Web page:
Permaculture is one of those gardening techniques that many people–as hard as it might be to admit–might not fully understand. But it’s actually quite simple.
Permaculture is the act of working with Mother Nature, not against her. It’s about creating an ecosystem by putting together communities of plants that work cooperatively. It’s about building and maintaining healthy soil. Catching and conserving water, naturally. Allowing a habitat for birds and animals, alongside your garden. And being able to eat your bounty, too.
The Origins of Permaculture
Toby Hemenway, permaculture expert and author of (Gaia’s Garden: A Guide to Home-Scale Permaculture, says:
“Permaculture uses a set of principles and practices to design sustainable human settlements. The word, a contraction of both ‘permanent culture’ and ‘permanent agriculture,’ was coined by two Australians. The first was Bill Mollison, a charismatic and iconoclastic one-time forester, schoolteacher, trapper, field naturalist, and author of the dense and encyclopedic bible of the field, Permaculture: A Designer’s Manual. The other is David Holmgren, one of the first of Bill’s many students, who has brilliantly expanded permaculture’s scope.”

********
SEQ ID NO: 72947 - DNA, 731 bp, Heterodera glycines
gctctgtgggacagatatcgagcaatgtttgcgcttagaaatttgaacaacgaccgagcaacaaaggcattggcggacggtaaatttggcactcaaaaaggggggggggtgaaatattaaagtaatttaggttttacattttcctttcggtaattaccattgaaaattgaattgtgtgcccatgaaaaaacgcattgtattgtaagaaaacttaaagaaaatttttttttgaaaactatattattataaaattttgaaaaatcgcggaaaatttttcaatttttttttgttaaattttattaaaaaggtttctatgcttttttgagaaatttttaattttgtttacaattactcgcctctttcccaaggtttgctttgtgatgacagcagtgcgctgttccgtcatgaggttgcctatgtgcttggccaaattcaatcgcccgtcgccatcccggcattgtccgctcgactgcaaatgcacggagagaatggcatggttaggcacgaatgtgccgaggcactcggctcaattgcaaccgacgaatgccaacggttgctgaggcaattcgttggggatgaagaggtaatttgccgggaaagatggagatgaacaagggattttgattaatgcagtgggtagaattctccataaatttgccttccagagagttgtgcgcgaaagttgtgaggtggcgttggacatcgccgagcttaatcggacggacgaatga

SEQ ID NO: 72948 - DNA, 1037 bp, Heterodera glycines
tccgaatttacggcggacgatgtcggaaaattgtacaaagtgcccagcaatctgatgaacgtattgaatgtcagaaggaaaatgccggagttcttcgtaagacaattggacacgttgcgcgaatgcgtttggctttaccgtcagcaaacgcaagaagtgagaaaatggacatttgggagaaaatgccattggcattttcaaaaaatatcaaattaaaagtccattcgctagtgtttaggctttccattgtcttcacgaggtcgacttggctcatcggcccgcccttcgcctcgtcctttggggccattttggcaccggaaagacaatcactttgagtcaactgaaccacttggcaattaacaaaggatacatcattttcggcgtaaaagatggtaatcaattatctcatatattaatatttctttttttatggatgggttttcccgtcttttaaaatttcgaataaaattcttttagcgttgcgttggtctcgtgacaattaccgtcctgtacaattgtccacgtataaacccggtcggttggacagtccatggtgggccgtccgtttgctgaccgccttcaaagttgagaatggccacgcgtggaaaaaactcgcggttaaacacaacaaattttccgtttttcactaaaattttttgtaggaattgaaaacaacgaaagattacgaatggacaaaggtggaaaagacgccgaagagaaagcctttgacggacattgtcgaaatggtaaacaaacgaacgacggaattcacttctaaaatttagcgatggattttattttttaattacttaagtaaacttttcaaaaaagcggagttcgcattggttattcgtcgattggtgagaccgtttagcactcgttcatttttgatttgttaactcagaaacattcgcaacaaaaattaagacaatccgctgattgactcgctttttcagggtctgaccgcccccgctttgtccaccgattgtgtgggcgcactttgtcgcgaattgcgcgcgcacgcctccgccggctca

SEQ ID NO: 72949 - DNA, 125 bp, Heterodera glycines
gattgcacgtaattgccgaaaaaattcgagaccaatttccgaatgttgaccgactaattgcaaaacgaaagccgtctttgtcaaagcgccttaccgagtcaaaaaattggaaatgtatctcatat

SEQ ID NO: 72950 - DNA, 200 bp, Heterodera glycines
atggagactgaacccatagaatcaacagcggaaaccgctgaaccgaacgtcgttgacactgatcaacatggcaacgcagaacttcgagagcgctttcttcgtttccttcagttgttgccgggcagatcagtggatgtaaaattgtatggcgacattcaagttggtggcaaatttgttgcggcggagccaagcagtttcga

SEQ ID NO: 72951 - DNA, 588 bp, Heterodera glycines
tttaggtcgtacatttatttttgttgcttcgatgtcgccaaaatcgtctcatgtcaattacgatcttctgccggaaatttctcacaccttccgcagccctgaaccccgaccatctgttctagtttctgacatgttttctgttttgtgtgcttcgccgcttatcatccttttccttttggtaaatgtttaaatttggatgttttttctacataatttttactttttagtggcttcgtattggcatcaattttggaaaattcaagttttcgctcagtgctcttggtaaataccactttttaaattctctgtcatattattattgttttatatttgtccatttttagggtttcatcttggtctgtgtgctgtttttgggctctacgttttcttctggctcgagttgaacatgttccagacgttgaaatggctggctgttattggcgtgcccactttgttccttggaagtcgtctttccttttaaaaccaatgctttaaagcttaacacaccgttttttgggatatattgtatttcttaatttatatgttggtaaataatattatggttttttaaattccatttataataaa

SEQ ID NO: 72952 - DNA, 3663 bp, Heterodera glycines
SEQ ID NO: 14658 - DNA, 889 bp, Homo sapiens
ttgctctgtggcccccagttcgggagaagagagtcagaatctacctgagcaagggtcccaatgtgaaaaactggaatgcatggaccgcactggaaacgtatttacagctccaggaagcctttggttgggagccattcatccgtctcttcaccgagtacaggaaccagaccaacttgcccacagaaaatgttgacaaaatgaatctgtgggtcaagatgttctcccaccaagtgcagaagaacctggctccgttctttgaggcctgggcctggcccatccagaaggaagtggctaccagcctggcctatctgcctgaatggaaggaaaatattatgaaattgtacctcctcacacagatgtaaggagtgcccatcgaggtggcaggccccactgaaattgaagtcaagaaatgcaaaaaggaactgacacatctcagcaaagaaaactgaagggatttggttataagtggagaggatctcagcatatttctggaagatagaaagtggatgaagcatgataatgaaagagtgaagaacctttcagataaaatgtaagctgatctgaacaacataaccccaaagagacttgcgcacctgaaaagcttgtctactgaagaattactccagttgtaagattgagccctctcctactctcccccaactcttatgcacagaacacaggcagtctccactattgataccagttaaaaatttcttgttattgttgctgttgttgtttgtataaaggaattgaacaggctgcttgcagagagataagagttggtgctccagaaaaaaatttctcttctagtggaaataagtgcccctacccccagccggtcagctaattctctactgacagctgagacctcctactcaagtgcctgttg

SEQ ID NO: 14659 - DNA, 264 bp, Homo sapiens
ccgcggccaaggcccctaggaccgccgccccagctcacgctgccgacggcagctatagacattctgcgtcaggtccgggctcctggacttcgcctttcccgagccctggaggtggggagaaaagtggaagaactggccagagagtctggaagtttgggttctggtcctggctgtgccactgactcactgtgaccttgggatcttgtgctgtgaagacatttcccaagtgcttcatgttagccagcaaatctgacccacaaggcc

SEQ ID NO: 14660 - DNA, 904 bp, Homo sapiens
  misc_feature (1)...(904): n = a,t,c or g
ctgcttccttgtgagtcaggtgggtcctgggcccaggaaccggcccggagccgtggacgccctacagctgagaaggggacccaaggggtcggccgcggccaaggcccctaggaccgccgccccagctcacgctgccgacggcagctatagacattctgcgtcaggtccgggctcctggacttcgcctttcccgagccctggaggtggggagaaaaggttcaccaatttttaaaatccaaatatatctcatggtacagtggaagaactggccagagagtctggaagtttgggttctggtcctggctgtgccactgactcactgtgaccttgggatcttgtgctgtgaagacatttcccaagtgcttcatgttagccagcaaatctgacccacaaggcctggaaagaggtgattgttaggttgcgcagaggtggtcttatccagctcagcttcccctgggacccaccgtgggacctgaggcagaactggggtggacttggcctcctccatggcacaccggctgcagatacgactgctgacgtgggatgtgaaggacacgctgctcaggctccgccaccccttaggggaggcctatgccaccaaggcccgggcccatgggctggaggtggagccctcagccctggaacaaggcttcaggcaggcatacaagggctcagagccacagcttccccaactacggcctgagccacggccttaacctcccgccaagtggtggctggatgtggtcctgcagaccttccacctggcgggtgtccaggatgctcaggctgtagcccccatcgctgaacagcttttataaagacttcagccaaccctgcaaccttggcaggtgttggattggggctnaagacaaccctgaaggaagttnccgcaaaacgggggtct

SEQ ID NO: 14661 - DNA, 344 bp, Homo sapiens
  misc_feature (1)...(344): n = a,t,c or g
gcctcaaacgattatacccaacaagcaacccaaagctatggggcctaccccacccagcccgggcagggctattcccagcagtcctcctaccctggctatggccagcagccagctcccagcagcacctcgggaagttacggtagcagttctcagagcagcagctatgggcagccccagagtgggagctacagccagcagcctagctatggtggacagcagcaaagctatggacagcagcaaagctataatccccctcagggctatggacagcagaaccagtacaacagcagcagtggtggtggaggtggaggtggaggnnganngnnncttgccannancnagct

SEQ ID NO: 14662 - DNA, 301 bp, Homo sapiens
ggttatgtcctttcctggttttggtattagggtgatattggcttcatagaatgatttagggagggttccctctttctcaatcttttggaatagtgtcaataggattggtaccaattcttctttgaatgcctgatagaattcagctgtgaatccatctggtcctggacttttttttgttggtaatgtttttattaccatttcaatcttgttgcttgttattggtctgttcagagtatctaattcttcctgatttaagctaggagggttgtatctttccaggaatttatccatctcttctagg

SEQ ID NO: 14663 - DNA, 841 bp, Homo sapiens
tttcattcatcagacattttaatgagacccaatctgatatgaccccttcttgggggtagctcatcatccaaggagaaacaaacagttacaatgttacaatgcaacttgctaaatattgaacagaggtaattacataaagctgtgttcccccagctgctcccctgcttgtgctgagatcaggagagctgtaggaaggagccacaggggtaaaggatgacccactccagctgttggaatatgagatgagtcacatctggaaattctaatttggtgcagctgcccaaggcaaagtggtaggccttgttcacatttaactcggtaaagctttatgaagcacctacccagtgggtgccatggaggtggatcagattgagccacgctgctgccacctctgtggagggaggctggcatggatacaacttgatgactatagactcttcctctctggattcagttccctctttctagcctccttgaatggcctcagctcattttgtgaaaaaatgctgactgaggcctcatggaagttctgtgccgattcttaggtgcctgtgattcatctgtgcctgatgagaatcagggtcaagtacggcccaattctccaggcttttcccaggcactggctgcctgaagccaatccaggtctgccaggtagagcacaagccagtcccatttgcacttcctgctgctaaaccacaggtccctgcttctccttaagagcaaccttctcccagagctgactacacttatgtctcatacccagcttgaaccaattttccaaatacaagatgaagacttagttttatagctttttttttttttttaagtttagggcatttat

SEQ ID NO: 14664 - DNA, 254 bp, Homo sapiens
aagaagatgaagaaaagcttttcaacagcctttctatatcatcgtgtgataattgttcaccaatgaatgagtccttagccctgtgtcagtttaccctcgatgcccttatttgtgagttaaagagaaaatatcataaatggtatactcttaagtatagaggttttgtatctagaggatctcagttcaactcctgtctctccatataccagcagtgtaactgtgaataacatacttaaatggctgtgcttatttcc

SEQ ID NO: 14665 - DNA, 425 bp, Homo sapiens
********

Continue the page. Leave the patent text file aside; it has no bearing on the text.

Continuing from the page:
The Aim of Permaculture
According to Hemenway, the aim of permaculture is, “To design ecologically sound, economically prosperous human communities. It is guided by a set of ethics: caring for Earth, caring for people, and reinvesting the surplus that this care will create. From these ethics stem a set of design guidelines or principles, described in many places and in slightly varying forms.” […]
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